2021 NC State Extension Annual Report

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Building On Strong Foundations


OUR MISSION NC State Extension extends research-based knowledge to all North Carolinians, helping them transform science into everyday solutions that improve their lives and grow our state. OUR VISION We are the model of excellence in non-formal, research-based education that advances agriculture, the environment, human health and well-being, youth and communities, while creating prosperity for all North Carolinians.

NC State Extension is housed in the College of Agriculture and Life Sciences, and also includes faculty and staff from the College of Natural Resources and the College of Design at NC State University. 1

MESSAGE FROM THE DIRECTOR In 2021, North Carolina communities found themselves in a familiar situation, working to recover and find a way forward during another year of uncertainty and stress. We encountered similar challenges within Extension, as our experts across the state continued to adjust, adapt and persevere in both their professional and personal lives.

“By building upon strong foundations across the state today, Extension is helping to lead North Carolinians toward a brighter tomorrow.” A. Richard Bonanno

It’s a story many of us have in common since “coronavirus” entered the lexicon. And while we may not have gotten the ending we expected yet, we’ve had the opportunity to write new chapters and create our own narrative. Despite the circumstances, our more than 1,000 Extension experts continued to innovate their programming and address local needs for diverse audiences. They are the heroes in our story, defying the odds to deliver more than 17,000 educational activities via nearly 8,000 programs across all 100 counties and the Eastern Band of Cherokee Indians. Extension directly connected nearly 1 million people with timely local programming this past year. Another 3.4 million people connected with our resources through Extension’s 200-plus websites and other digital platforms. I’m proud of our people, and our partners, who kept their noses to the grindstone and eyes on the future. If the last couple of years have taught us anything, it’s that change doesn’t happen overnight. By building upon strong foundations across the state today, Extension is helping to lead North Carolinians toward a brighter tomorrow. Extension’s story in 2021 was one of resilience and leadership. As for that ending, well, every story has its challenges and plot twists. It’s all about the journey and the people we impact along the way. Moving forward, we must operate with patience, purpose and strategy. Extension will continue meeting people where they are today, so every North Carolinian can tell a success story tomorrow.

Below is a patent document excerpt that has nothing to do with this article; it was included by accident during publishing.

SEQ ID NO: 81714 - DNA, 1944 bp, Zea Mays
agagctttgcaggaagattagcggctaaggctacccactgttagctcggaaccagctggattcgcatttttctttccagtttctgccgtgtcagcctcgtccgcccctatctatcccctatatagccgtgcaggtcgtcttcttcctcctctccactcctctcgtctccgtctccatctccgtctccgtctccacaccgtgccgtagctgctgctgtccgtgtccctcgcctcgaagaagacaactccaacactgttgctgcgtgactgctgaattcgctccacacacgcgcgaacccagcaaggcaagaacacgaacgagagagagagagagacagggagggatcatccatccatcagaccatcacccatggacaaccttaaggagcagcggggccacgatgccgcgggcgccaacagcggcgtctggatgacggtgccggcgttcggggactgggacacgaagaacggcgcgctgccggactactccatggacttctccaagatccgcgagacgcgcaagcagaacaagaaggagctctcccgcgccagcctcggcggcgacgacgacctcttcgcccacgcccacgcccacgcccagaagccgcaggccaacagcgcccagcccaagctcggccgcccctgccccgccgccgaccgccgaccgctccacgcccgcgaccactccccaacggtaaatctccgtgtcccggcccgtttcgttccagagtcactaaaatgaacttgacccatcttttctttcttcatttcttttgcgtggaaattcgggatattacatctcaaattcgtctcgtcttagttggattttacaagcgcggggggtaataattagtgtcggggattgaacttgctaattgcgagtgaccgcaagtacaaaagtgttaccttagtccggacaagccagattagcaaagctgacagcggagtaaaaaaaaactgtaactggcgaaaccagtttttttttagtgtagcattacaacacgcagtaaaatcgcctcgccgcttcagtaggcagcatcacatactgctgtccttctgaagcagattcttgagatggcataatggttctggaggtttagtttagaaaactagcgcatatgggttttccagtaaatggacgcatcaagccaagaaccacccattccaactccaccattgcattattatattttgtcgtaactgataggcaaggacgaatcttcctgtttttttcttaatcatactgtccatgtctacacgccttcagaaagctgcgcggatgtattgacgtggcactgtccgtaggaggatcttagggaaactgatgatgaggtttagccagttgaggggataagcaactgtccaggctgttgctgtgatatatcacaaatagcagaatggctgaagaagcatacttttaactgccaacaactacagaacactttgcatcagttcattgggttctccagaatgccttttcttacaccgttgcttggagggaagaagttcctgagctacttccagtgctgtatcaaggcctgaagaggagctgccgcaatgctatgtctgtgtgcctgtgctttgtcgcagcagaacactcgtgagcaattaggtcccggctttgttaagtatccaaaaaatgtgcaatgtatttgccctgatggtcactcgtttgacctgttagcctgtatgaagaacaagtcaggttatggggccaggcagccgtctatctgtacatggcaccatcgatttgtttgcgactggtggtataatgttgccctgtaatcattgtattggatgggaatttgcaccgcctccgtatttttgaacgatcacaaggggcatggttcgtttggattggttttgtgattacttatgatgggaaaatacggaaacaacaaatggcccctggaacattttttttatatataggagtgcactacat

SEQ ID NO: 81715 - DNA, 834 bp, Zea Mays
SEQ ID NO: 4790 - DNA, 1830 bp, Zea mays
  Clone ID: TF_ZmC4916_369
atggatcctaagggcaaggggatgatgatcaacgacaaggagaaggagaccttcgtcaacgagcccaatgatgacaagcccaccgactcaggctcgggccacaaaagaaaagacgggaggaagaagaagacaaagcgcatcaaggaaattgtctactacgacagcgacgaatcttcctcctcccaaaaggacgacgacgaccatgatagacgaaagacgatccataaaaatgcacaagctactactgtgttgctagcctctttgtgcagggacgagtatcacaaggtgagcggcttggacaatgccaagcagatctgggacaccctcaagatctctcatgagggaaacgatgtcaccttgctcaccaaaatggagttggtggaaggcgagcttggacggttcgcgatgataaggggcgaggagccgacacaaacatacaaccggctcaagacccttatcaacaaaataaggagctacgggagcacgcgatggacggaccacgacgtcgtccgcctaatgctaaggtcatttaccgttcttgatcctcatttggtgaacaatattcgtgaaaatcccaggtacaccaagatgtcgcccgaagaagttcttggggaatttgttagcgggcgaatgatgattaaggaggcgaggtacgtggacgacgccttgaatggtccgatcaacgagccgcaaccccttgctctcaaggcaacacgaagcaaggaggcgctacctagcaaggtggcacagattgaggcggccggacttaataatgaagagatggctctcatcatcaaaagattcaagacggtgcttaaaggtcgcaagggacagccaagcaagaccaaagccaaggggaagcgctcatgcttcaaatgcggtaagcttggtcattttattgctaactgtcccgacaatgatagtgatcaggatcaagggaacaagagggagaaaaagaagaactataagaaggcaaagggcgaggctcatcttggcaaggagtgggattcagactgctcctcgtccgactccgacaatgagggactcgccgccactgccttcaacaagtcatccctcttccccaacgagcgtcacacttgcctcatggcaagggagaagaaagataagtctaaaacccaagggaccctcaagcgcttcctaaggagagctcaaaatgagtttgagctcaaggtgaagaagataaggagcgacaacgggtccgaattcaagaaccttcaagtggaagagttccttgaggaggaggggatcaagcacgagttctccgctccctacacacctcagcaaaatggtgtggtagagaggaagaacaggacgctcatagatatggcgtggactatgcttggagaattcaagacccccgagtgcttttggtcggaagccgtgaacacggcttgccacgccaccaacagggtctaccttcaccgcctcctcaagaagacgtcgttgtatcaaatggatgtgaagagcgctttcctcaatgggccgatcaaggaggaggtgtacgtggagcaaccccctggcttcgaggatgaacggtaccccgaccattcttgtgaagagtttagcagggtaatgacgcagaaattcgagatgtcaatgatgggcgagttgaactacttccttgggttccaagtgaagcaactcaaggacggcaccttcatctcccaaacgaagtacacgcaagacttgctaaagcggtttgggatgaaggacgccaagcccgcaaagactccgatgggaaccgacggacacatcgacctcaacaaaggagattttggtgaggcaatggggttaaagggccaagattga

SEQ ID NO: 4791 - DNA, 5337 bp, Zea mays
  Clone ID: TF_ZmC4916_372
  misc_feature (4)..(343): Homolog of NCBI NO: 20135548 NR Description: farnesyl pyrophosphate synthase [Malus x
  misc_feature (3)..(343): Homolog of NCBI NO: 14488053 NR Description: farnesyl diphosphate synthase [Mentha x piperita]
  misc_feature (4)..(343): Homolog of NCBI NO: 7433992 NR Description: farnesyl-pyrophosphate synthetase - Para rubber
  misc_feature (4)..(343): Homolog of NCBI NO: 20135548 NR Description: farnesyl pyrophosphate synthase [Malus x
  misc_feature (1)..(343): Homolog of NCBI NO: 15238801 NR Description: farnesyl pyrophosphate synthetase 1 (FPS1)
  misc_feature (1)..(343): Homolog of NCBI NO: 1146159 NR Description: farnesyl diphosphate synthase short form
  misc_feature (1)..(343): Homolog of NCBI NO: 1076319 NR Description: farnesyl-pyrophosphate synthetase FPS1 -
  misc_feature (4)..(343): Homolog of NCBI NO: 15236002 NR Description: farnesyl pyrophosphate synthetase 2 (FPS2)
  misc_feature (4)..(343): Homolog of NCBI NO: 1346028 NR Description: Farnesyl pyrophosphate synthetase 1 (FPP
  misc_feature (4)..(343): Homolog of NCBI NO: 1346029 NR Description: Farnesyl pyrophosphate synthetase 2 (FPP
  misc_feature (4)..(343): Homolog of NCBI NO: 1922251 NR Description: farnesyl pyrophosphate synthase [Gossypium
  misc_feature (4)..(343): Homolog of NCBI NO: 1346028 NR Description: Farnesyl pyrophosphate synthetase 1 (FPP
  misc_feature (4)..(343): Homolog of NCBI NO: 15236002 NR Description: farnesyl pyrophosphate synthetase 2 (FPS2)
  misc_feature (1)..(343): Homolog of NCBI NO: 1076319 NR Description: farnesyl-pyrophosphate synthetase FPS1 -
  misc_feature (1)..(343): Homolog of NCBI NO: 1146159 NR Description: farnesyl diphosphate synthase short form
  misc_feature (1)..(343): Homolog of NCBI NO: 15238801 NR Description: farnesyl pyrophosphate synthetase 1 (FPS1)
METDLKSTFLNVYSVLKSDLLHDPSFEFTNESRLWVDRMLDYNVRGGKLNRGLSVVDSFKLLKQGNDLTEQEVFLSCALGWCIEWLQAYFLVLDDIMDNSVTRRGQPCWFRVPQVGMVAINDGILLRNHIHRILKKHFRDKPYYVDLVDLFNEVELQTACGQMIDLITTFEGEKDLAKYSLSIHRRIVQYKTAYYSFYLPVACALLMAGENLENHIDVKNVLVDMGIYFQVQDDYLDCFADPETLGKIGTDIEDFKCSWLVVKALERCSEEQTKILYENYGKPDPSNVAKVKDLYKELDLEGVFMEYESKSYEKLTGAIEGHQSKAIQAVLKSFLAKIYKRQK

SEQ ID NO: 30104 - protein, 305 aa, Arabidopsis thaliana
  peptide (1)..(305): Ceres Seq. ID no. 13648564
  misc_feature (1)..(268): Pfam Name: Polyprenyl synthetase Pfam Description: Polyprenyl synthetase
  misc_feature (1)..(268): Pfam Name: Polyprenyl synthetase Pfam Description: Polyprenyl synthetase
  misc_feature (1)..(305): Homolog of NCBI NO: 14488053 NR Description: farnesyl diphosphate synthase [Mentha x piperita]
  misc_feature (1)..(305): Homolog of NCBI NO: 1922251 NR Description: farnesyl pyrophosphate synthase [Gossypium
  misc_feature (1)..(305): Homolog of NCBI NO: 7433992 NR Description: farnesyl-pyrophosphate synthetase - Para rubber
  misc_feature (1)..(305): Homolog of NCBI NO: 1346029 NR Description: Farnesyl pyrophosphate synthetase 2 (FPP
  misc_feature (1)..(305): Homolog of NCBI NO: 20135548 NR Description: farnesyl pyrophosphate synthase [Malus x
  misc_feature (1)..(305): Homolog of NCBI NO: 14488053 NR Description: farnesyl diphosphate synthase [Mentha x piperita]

A. Richard Bonanno Director, NC State Extension Associate Dean, College of Agriculture and Life Sciences

Discover more about our impact at go.ncsu.edu/ExtensionImpacts. 2



Message from the Director


Extension Is Everywhere for N.C. 3-4 Driving Rural Economies


Growing Urban Opportunities


In Your Neighborhood


Local Centers





7-8 9

Core Areas | Impact Summary Annual Spotlight: Enhancing Science-Based Solutions




Food and Nutrition


4-H Youth Development


Natural Resources


A System of Solutions



Partnership for the People As a land-grant university, NC State has a unique and important obligation to serve our state through Extension. It’s what sets us apart from other universities. Working alongside the U.S. Department of Agriculture’s National Institute of Food and Agriculture (USDA-NIFA), N.C. A&T State University, local governments, and industry and community partners, we help create economic, societal and intellectual prosperity across North Carolina. With roots in every county, this strategic network of partnerships and technical expertise is called N.C. Cooperative Extension.

11% 33% 33% 23%

Federal $11M State $33M County $23M $33M *Other

$2.1 Billion

Extension’s annual economic impact on North Carolina

TOTAL $133.5M *Grants, contracts, donations, etc. 3

Discover more at go.ncsu.edu/About-Extension.

27–1 ROI

Economic return on government investments

Extension Is Everywhere for North Carolina NC State Extension offers locally focused services in every county and the Eastern Band of Cherokee Indians. Local centers house ^726 Extension professionals, while another 426 faculty and staff on NC State’s campus and across the state work with Extension in some capacity. Extension’s impact is greatly enhanced by a broad and loyal base of volunteers. In 2021, *Extension volunteers donated nearly $10 million worth of time to support our programs.


North Central

South Central



Find your local Extension center: go.ncsu.edu/CountyCenters

^Includes 585 NC State-funded Extension employees and 141 personnel funded entirely by county governments. *Based on the average value of volunteer services in North Carolina (independentsector.org, 2021)

Extension delivered more than


educational activites statewide


visitors to Extension websites


total pageviews

Extension offered nearly


programs across every county


new Extension publications


total publications available at go.ncsu.edu/Extension-Publications 4

Transforming Rural North Carolina Comumunities Our statewide network of centers and expertise uniquely positions Extension to support rural communities. By building inclusive partnerships and innovative solutions, we transform and promote economic prosperity for rural North Carolina.